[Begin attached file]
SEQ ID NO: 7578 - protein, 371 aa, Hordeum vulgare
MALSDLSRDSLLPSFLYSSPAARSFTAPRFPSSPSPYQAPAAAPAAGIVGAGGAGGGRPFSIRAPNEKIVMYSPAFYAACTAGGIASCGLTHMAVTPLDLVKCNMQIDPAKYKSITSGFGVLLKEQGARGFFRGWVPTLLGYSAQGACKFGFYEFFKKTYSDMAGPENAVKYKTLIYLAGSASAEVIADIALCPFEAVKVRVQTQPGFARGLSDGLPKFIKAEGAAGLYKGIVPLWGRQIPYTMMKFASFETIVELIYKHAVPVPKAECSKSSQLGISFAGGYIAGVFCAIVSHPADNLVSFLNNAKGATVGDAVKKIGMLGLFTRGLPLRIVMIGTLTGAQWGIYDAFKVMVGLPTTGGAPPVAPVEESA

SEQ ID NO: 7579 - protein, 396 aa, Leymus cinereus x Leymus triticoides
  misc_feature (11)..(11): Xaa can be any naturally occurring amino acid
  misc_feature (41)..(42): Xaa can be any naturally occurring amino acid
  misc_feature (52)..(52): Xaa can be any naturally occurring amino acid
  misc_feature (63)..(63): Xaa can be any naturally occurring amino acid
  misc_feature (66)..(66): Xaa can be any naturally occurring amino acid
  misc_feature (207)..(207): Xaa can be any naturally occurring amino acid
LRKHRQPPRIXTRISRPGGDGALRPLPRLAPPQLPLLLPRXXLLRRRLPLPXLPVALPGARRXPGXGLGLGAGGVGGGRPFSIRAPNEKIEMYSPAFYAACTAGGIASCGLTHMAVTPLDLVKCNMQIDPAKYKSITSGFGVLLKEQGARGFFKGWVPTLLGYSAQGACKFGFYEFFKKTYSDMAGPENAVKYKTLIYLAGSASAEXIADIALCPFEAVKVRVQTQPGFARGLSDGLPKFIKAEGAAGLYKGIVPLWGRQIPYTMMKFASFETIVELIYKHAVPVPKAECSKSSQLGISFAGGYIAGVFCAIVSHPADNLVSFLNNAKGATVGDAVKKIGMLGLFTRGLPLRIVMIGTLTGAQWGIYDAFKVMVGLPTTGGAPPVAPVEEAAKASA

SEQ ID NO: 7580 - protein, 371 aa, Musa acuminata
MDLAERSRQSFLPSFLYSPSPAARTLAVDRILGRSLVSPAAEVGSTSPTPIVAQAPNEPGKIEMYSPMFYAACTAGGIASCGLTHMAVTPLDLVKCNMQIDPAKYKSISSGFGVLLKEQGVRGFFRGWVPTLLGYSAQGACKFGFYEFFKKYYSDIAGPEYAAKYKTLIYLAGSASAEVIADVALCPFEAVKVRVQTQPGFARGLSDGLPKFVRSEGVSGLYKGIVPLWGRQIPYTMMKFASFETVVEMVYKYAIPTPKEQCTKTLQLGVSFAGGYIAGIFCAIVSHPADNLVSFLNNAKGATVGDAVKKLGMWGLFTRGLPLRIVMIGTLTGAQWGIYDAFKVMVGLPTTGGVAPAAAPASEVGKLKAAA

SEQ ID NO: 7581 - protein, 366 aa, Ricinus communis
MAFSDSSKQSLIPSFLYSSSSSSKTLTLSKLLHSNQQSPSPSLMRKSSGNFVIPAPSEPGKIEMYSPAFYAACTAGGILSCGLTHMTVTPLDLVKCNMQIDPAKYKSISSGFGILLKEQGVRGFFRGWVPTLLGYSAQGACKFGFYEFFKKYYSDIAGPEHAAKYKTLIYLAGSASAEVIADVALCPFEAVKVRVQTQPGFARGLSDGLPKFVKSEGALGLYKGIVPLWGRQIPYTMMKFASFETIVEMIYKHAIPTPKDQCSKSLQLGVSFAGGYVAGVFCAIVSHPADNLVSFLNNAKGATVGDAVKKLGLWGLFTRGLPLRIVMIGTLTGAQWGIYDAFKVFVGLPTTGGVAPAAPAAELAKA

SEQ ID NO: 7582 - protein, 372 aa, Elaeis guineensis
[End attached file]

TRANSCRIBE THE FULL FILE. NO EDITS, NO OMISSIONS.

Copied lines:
SEQ ID NO: 7578 - protein, 371 aa, Hordeum vulgare
MALSDLSRDSLLPSFLYSSPAARSFTAPRFPSSPSPYQAPAAAPAAGIVGAGGAGGGRPFSIRAPNEKIVMYSPAFYAACTAGGIASCGLTHMAVTPLDLVKCNMQIDPAKYKSITSGFGVLLKEQGARGFFRGWVPTLLGYSAQGACKFGFYEFFKKTYSDMAGPENAVKYKTLIYLAGSASAEVIADIALCPFEAVKVRVQTQPGFARGLSDGLPKFIKAEGAAGLYKGIVPLWGRQIPYTMMKFASFETIVELIYKHAVPVPKAECSKSSQLGISFAGGYIAGVFCAIVSHPADNLVSFLNNAKGATVGDAVKKIGMLGLFTRGLPLRIVMIGTLTGAQWGIYDAFKVMVGLPTTGGAPPVAPVEESA

SEQ ID NO: 7579 - protein, 396 aa, Leymus cinereus x Leymus triticoides
  misc_feature (11)..(11): Xaa can be any naturally occurring amino acid
  misc_feature (41)..(42): Xaa can be any naturally occurring amino acid
  misc_feature (52)..(52): Xaa can be any naturally occurring amino acid
  misc_feature (63)..(63): Xaa can be any naturally occurring amino acid
  misc_feature (66)..(66): Xaa can be any naturally occurring amino acid
  misc_feature (207)..(207): Xaa can be any naturally occurring amino acid
LRKHRQPPRIXTRISRPGGDGALRPLPRLAPPQLPLLLPRXXLLRRRLPLPXLPVALPGARRXPGXGLGLGAGGVGGGRPFSIRAPNEKIEMYSPAFYAACTAGGIASCGLTHMAVTPLDLVKCNMQIDPAKYKSITSGFGVLLKEQGARGFFKGWVPTLLGYSAQGACKFGFYEFFKKTYSDMAGPENAVKYKTLIYLAGSASAEXIADIALCPFEAVKVRVQTQPGFARGLSDGLPKFIKAEGAAGLYKGIVPLWGRQIPYTMMKFASFETIVELIYKHAVPVPKAECSKSSQLGISFAGGYIAGVFCAIVSHPADNLVSFLNNAKGATVGDAVKKIGMLGLFTRGLPLRIVMIGTLTGAQWGIYDAFKVMVGLPTTGGAPPVAPVEEAAKASA

SEQ ID NO: 7580 - protein, 371 aa, Musa acuminata
MDLAERSRQSFLPSFLYSPSPAARTLAVDRILGRSLVSPAAEVGSTSPTPIVAQAPNEPGKIEMYSPMFYAACTAGGIASCGLTHMAVTPLDLVKCNMQIDPAKYKSISSGFGVLLKEQGVRGFFRGWVPTLLGYSAQGACKFGFYEFFKKYYSDIAGPEYAAKYKTLIYLAGSASAEVIADVALCPFEAVKVRVQTQPGFARGLSDGLPKFVRSEGVSGLYKGIVPLWGRQIPYTMMKFASFETVVEMVYKYAIPTPKEQCTKTLQLGVSFAGGYIAGIFCAIVSHPADNLVSFLNNAKGATVGDAVKKLGMWGLFTRGLPLRIVMIGTLTGAQWGIYDAFKVMVGLPTTGGVAPAAAPASEVGKLKAAA

SEQ ID NO: 7581 - protein, 366 aa, Ricinus communis
MAFSDSSKQSLIPSFLYSSSSSSKTLTLSKLLHSNQQSPSPSLMRKSSGNFVIPAPSEPGKIEMYSPAFYAACTAGGILSCGLTHMTVTPLDLVKCNMQIDPAKYKSISSGFGILLKEQGVRGFFRGWVPTLLGYSAQGACKFGFYEFFKKYYSDIAGPEHAAKYKTLIYLAGSASAEVIADVALCPFEAVKVRVQTQPGFARGLSDGLPKFVKSEGALGLYKGIVPLWGRQIPYTMMKFASFETIVEMIYKHAIPTPKDQCSKSLQLGVSFAGGYVAGVFCAIVSHPADNLVSFLNNAKGATVGDAVKKLGLWGLFTRGLPLRIVMIGTLTGAQWGIYDAFKVFVGLPTTGGVAPAAPAAELAKA

SEQ ID NO: 7582 - protein, 372 aa, Elaeis guineensis